52. The owners of the San Francisco Bridges, a winning national league sports team, finds that there has been a tax imposed on the sale of their game tickets in order to help defray the cost of additional security, traffic impact, cleanup, etc., that comes with the games. The Bridges think that this will have a very significant negative impact on attendance at their games. As such, they think the tax is unfair and illegally imposed and they bring suit accordingly. It is likely that they will lose their suit. True or false?

53. The government decides to legalize marijuana. In doing so, it imposes a 100% tax on the sale of the plant, in any form, and also requires a revenue tax stamp to be affixed to the product in order for the sale to be legitimate. Marijuana growers and processors complain that this is too burdensome on interstate commerce. The government says it is not and that the law should be upheld. This will be an effective argument to uphold the proposed law. True or false?

54. The grand jury's decision that prosecutor has enough evidence to try a suspect for a crime is called a(n)

a. information.

b. habeas corpus.

c. indictment.

d. notice of proposed rulemaking.

55. The prosecutor's notification to suspect that he or she is charged with committing a crime is called a(n)

a. information.

b. indictment.

c. notice of proposed rulemaking.

d. complaint.

56. If the federal government declares that only it can make law in a particular area, it is called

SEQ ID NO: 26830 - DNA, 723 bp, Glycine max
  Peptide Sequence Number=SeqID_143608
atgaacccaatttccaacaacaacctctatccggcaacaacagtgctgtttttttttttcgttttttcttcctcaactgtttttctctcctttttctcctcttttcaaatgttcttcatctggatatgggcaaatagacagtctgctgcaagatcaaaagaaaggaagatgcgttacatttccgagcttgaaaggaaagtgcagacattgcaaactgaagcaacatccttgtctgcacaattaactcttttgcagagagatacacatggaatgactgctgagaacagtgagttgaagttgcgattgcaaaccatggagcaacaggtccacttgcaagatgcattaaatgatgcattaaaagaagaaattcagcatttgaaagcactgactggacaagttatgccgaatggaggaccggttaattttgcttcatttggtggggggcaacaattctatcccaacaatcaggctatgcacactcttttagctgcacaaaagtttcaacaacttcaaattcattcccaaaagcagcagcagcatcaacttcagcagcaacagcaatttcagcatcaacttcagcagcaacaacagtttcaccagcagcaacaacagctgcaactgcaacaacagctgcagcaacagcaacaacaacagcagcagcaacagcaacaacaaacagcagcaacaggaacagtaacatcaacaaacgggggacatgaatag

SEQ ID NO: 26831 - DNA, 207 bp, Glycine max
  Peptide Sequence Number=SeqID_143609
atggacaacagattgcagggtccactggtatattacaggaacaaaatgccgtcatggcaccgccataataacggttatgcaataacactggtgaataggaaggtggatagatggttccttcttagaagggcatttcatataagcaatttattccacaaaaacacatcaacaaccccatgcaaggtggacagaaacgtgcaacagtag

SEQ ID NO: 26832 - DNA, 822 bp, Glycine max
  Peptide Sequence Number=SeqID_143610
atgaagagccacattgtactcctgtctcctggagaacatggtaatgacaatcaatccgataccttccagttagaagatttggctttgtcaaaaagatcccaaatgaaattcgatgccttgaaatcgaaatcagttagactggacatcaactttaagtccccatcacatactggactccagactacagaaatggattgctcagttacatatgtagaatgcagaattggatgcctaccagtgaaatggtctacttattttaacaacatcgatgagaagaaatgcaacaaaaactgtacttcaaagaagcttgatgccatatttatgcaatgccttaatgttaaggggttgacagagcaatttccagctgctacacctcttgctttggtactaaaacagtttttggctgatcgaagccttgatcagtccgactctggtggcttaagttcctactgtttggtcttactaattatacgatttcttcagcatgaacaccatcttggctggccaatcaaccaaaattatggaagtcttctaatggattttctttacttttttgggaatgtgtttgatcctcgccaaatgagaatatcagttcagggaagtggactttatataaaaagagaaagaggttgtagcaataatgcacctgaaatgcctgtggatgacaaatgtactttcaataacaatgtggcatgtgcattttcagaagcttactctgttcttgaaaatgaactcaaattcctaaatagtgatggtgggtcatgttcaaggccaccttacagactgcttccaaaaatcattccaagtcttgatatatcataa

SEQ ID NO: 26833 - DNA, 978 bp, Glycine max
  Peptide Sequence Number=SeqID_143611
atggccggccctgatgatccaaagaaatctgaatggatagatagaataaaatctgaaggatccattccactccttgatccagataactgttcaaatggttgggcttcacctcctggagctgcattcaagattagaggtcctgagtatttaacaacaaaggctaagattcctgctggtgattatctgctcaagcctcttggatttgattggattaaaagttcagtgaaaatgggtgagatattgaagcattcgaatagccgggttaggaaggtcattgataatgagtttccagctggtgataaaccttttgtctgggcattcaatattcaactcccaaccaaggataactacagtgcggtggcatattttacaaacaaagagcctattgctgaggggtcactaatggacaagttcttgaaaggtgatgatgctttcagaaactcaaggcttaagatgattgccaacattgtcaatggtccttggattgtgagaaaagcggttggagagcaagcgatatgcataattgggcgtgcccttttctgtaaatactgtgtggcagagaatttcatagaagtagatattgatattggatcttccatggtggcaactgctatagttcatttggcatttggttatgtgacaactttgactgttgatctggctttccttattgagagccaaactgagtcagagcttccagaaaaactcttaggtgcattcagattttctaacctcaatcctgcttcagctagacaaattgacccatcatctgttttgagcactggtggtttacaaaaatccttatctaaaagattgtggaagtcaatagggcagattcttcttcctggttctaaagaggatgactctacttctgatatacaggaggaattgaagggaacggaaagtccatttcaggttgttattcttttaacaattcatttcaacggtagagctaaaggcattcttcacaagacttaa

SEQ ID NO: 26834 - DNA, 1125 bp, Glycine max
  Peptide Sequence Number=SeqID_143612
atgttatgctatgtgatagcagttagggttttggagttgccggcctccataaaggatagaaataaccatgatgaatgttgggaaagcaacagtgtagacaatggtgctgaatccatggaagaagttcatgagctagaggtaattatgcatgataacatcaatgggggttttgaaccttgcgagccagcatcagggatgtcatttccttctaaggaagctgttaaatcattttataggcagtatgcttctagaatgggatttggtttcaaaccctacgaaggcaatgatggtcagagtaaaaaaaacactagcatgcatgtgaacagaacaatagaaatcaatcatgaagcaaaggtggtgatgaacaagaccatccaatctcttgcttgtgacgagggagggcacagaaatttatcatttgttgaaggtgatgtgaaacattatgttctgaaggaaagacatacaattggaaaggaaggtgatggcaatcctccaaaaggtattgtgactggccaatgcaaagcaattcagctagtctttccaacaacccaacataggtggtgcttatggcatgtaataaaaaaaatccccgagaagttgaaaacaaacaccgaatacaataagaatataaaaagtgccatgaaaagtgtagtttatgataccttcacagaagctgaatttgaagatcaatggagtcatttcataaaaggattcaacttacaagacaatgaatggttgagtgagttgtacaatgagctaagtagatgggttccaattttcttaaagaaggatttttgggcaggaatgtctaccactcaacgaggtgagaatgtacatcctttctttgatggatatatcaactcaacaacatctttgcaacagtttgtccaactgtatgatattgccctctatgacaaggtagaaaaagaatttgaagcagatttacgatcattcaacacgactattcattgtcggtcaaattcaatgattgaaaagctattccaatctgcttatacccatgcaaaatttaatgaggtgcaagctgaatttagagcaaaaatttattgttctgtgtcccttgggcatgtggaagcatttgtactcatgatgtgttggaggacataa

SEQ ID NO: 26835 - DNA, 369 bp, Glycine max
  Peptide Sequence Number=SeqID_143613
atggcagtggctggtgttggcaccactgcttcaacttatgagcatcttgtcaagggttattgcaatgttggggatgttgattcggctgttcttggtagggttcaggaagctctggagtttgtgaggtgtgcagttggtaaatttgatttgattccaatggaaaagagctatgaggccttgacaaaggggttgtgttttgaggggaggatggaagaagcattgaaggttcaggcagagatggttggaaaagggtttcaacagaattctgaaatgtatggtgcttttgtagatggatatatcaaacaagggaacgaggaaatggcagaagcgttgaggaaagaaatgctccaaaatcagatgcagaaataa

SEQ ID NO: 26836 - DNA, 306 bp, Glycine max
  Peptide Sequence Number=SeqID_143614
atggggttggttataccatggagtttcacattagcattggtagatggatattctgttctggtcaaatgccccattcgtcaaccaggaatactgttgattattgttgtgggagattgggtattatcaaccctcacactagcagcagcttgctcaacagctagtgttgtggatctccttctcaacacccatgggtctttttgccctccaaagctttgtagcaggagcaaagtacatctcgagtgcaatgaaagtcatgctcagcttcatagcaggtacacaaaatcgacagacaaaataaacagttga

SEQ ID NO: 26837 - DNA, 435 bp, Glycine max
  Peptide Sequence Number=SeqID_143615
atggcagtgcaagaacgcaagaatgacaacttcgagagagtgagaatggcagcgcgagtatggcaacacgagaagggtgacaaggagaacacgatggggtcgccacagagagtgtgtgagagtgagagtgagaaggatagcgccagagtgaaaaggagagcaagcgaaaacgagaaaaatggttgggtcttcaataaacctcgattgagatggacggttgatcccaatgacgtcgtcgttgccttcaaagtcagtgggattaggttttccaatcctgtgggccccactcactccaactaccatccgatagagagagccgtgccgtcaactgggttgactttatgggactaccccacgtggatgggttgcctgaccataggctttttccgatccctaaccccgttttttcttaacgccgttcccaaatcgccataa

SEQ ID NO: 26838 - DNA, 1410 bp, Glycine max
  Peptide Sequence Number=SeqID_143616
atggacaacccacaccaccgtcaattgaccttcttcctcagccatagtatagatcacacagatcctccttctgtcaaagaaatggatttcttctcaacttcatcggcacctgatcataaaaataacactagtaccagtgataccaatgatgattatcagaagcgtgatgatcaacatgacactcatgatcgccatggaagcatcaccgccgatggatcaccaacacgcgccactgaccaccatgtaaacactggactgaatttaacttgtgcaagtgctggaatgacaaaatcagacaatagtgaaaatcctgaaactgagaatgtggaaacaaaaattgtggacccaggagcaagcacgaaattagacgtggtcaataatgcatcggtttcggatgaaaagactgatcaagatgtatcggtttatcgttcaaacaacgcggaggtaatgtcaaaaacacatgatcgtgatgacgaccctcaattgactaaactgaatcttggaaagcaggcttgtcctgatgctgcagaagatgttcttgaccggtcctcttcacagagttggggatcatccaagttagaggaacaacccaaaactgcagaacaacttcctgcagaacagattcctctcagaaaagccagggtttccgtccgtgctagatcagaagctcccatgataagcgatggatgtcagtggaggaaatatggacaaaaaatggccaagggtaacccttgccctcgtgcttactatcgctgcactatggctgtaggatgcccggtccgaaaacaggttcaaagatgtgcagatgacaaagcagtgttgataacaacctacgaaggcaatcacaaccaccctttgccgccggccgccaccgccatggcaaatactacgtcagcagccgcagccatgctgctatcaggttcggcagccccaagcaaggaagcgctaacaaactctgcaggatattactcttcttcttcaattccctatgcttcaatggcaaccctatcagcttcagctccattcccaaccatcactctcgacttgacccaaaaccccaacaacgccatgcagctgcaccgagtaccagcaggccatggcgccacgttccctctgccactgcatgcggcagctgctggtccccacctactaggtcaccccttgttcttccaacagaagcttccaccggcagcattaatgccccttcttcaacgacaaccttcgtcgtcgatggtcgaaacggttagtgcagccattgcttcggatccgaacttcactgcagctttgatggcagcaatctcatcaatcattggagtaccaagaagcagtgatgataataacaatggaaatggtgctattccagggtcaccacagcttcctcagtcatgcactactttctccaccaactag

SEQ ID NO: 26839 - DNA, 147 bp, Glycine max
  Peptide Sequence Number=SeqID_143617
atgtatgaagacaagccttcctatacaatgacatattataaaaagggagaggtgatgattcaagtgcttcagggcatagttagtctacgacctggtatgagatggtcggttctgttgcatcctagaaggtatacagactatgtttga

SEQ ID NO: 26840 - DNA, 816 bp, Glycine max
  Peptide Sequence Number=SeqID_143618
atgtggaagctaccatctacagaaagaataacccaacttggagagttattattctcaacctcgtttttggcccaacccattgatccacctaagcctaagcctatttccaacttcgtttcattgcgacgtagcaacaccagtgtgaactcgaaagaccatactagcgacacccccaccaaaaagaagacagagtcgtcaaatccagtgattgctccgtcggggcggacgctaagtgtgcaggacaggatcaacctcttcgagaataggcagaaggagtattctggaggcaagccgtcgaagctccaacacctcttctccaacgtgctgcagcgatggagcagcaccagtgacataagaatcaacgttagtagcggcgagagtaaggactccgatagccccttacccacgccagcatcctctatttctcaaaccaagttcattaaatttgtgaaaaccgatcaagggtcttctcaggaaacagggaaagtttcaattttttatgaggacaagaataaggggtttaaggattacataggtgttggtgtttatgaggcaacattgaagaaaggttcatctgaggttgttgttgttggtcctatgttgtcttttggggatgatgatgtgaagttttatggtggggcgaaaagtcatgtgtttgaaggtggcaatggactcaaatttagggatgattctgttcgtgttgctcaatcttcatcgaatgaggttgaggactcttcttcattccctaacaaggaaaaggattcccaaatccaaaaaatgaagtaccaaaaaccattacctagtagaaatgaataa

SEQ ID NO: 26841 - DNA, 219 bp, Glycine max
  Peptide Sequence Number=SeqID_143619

a. preemption.

b. ethics.

c. the adversarial system.

d. a compelling state interest.

57. The Lazy Peachtree Inn has a dilemma. It is a well-known local historic inn which has year-round guests who regularly come to stay for the peace, quiet and tranquilty. the Inn is located on 25 acres of beautiful, bucolic country. However, the Inn has sold off five of its acres and recently discovered that the purchasers are planning on building a waterpark on the land. The presence of the waterpark will greatly impact the quality of the visits of those who frequent the Inn. The Inn feels a sense of duty to its regular customers to tell them about the waterpark before they make reservations to return to the Inn for their next visit, when the park will be finished. On the other hand, they think this will negatively impact their revenue. If the Inn decides to bring a cause of action against the waterpark to keep the owners from building it, it will likely be a suit brought